City of Corpus Christi

We talked to the city of Corpus Christi before filing for any alcohol licensing to make sure that the location was appropriate. They confirmed that the location was in the correct zoning. If we do not make any permanent changes to the building, then the inspections from the previous tenant would also remain valid. I would love to go back and punch that person in the face. It was a complete lie, and cost us two extra months time.

While the zoning statement was correct, all the inspections had to be redone. I think the official reason they gave us for having to redo all the inspections was because we changed it’s use. They should have known this when we talked to them and told them what we were going to do. It turns out that the more times you call the city the more different answers you will get. On the plus side call enough times and you might get an answer you want to hear.


Since we changed the buildings use, we have to get a new Certificate of Occupancy. That requires getting electrical, plumbing, mechanical, building, fire, health and vector inspections. We got the privilege of paying $801.00 to get a new certificate, and to waste two months of rent, all with a side of pointless headaches.


This one got us. We ran our temporary water piping with PVC because it is, cheap, easy and it gets the job done. It turns out using PVC to run water in the city of Corpus Christi is against code. Running the drain piping in PVC is acceptable though. Which makes little sense, since they claim it is because of excessive heat breaking weakening the PVC over time. I would like to have been able to read this code. It also turns out that only a licensed plumber can install plumbing, and they must get a permit to do so. “We” are not licensed plumbers, so we had to pay a licensed plumber to install it and pay for permit to do so. Only in the government do you get the joy of paying for permits to get permits. We paid the city another $100+ for this this anti-DIY plumbing permit, plus we got to hire a plumber to redo what we just did, on top of the $801.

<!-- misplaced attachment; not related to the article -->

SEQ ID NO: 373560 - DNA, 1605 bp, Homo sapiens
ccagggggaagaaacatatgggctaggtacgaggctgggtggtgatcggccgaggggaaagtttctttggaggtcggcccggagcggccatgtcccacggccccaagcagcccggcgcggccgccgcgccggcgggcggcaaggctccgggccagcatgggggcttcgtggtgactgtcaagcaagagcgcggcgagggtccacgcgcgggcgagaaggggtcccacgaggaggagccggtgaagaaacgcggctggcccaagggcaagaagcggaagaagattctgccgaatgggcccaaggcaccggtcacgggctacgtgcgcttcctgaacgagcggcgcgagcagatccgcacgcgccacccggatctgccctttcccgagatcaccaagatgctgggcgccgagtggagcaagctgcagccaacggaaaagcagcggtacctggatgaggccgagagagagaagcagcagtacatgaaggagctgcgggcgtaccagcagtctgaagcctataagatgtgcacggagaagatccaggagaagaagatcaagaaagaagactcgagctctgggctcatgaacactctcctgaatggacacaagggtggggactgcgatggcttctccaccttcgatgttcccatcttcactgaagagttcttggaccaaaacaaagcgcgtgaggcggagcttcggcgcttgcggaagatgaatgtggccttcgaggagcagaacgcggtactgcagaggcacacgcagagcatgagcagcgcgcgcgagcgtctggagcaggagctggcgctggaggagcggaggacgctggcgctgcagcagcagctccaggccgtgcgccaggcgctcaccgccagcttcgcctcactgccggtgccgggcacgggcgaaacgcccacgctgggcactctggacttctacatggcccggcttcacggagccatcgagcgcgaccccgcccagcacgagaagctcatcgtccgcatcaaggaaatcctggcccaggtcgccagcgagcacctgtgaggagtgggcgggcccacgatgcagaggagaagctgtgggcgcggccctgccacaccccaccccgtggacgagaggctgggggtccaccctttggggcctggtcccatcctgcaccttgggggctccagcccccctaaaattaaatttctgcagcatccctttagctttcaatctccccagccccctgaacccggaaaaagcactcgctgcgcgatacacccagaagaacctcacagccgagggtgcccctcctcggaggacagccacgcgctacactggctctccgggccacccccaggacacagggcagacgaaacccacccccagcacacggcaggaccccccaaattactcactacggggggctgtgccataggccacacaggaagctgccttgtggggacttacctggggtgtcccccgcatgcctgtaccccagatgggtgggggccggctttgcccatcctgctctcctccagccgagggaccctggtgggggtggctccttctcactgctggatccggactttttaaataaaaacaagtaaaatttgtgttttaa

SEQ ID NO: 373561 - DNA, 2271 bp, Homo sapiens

As I alluded to we ended up removing all the pvc piping that we ran, and replaced it with CPVC to pass inspection. A waste of time and money that will make zero difference.

The inspector was a complete jerk, every time he found a problem he would smile. It seemed with every extra problem the smile got a little bit larger. As if he took joy in failing us. If he would have worked for a private company I would have kicked him out of the building and never done business with the company again. But this is the government, there is no competition.

I understand we used the wrong material, and we were wrong in doing so, but we could not find anywhere to read this “code” they enforce. For all we know they just make up stuff as they go. If it had not been for my knowledgeable neighbor this would have been even worse.


We failed this because one of our walk in coolers was not yet hooked up and had loose wires. Simple fix.

It turns out we didn’t need a licensed electrician to install the electrical items. We are free to electrocute and kill ourself, but heaven forbid a pipe should drip!




Passed, since nothing permanent was done to the building itself.


It is the year 2014 and the fire inspectors do not have cell phones they can use to call before they head to a business. They said they would be there between 1 pm and 5 pm. This is hard when we have a regular day job still and cannot just be waiting around for hours. On the positive side, they showed up at 1:15.

The inspection itself went well, and our one fire extinguisher was enough. There is not much flammable items in there. We could have a bonfire in the center of the building without risk of burning it down. The ping pong table might be the largest thing to burn.